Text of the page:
WCAG 2.0 Quick Reference Guide

While speaking at the @media conference this year, Gez Lemon announced an easier way to understanding the new WCAG 2.0 requirements. They are meant to be technology neutral to allow future flexibility. Unfortunately, this also makes them difficult to understand. If you are only concerned about HTML, CSS, XML, or another format, use the WCAG 2.0 Quick Reference Guide to narrow the specifications to only those you are worried about.

Run IE7 as a standalone browser window

Debugging IE7beta can become tedious when you need to continualy install, reboot, uninstall, reboot, etc to switch between IE6 and IE7b2 for testing. Jon Galloway has created a great method to run IE7 as a self contained browser. This will save you many hours in rebooting to test between the browsers. I’ve been using it for a week and can’t believe how easy this is to use.

A note of warning

You should only use this if you have a backup computer or are comfortable working with the registry. I found this out the hard way as the computer crashed while operating the standalone version of IE7. My laptop now displays very odd behavior with IE6. Another person on our team is experiencing similar behaviors. We’ll need to modify our registry tomorrow to fix this. How odd…? When you type an address in IE6, it opens firefox in a new window. It’s also ignoring conditional comments. Happy, Happy.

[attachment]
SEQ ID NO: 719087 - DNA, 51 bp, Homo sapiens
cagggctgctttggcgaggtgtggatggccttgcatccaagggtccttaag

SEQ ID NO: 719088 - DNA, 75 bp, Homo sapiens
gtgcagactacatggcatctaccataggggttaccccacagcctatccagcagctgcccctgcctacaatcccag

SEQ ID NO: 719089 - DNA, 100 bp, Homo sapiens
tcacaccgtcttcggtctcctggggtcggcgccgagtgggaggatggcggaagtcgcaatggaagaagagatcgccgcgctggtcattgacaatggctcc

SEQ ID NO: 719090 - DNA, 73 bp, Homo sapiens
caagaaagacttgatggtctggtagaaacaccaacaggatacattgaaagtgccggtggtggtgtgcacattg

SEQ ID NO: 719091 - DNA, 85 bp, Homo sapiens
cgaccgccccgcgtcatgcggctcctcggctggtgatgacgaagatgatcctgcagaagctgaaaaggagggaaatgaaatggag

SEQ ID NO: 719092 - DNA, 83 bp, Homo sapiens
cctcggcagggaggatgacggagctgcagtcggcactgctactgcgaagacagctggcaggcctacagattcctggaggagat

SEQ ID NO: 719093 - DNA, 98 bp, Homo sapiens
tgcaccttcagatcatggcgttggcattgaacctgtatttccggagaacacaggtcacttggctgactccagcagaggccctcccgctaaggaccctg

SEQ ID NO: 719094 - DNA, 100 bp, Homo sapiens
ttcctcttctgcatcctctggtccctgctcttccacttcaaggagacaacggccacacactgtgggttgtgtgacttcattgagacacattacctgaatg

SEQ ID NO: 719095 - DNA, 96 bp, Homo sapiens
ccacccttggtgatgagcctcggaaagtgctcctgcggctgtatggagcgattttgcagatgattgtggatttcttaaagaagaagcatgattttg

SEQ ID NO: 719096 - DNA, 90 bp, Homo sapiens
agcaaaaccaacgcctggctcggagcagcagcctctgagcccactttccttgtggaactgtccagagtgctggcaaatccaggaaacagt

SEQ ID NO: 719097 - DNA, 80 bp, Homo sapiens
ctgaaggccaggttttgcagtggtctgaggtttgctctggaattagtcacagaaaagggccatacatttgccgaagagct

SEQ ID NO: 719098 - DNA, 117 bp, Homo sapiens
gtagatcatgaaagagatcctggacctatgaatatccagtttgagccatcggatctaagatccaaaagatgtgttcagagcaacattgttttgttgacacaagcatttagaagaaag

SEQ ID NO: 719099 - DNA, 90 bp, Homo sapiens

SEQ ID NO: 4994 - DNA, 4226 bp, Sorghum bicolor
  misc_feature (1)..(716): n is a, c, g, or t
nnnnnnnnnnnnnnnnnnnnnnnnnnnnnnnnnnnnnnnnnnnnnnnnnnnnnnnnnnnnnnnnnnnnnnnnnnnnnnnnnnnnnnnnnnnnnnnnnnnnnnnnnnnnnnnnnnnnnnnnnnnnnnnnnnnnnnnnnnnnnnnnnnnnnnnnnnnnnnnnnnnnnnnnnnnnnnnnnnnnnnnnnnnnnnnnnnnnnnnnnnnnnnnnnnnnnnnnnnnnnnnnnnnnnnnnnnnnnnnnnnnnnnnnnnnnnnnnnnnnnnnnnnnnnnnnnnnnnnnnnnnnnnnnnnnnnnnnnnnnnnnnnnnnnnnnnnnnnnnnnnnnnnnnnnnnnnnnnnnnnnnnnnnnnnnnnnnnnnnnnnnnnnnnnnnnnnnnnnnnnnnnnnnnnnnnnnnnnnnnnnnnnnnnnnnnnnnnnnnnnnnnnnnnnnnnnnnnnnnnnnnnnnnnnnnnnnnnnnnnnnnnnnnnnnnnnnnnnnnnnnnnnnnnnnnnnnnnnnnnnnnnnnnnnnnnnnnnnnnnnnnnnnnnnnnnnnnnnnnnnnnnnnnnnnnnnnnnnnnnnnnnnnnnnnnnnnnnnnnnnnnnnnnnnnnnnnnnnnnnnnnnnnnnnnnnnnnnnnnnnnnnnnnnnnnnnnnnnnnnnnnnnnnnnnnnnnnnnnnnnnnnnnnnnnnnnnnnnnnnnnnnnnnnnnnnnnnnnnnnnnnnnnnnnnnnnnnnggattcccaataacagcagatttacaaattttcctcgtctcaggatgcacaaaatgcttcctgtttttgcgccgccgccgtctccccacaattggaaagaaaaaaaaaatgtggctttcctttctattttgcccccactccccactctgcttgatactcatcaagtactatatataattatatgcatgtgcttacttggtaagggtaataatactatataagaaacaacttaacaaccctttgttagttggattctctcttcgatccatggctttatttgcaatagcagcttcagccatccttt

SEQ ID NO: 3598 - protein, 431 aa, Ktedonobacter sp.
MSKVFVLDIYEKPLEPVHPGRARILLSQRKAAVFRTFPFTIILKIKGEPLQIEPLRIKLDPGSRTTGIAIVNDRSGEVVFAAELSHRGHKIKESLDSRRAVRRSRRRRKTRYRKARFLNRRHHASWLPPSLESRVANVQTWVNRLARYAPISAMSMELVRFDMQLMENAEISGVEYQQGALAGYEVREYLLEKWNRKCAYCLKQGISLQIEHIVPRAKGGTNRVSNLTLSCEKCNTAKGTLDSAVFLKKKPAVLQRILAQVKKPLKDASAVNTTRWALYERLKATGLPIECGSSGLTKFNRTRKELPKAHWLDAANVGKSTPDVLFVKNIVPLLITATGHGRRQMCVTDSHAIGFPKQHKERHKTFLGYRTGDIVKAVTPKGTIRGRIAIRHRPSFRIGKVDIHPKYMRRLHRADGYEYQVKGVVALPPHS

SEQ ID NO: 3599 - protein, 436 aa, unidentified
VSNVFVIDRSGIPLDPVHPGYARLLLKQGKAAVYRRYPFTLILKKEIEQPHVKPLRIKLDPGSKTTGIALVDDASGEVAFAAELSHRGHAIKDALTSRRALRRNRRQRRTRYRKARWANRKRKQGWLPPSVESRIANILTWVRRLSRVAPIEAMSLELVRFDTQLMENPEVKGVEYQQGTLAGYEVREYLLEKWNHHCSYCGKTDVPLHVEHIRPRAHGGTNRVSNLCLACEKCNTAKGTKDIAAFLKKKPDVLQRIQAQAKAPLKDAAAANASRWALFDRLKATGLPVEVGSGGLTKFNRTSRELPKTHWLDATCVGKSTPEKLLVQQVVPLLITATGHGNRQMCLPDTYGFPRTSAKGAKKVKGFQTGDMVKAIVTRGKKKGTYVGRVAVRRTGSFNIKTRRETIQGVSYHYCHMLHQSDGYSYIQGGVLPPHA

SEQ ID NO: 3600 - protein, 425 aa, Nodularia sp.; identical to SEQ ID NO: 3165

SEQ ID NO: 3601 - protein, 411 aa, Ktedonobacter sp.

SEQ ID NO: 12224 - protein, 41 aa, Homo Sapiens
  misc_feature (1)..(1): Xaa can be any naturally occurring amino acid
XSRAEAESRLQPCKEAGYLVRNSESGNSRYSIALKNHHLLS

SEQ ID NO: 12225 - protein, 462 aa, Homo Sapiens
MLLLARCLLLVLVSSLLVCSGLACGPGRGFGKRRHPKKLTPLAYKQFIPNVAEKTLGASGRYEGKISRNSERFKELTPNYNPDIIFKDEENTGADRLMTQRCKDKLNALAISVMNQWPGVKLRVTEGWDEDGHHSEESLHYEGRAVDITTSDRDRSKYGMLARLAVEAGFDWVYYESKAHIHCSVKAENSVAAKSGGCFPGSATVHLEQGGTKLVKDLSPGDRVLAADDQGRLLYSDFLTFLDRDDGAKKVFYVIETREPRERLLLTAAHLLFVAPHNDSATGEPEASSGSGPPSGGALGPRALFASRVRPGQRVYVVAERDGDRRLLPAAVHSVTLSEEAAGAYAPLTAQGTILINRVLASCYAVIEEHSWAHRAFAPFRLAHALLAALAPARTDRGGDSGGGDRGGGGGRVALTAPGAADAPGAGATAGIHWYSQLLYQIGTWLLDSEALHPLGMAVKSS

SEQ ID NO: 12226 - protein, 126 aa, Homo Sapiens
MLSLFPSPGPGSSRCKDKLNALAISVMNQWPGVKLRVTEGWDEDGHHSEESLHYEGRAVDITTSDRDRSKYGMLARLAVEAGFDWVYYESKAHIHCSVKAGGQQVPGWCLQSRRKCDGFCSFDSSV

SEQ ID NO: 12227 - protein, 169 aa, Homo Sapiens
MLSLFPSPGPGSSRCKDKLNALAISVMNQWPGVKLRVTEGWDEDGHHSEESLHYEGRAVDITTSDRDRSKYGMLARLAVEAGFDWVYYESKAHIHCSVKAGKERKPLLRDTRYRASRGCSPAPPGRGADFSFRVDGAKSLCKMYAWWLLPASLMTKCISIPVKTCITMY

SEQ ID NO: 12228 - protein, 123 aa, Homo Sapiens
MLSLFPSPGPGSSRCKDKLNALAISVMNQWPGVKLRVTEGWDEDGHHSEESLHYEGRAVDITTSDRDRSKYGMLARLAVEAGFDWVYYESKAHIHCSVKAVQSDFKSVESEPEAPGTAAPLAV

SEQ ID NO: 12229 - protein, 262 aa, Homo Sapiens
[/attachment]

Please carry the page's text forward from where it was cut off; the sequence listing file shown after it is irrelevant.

Making AJAX work with screen readers

Gez Lemon and Steve Faulkner have published an excellent description of how screen readers react to AJAX and what you can do to make your AJAX-powered pages more accessible. Making AJAX work with screen readers is a comprehensive description of the mechanics behind screen reader behavior, workarounds, and theory. Hats off to these programmers for laying out a clear description of the issue.

To hell with bad accessibility requirements

Sorry Jeffrey Zeldman for twisting your words, but they rang through my mind when I saw the latest missive from Joe Clark, the WCAG Samarai. Zeldman led the troops through the battle over standards guerrilla war against the browsers.

Now Joe is doffing his commanders uniform, I’m hoping it’s a rather smart one with sophisticated typography on the badge and non-leather jackboots. The Samarais will push, prod, and tease the WCAG into making accessibility an attainable goal.

Grab your katana.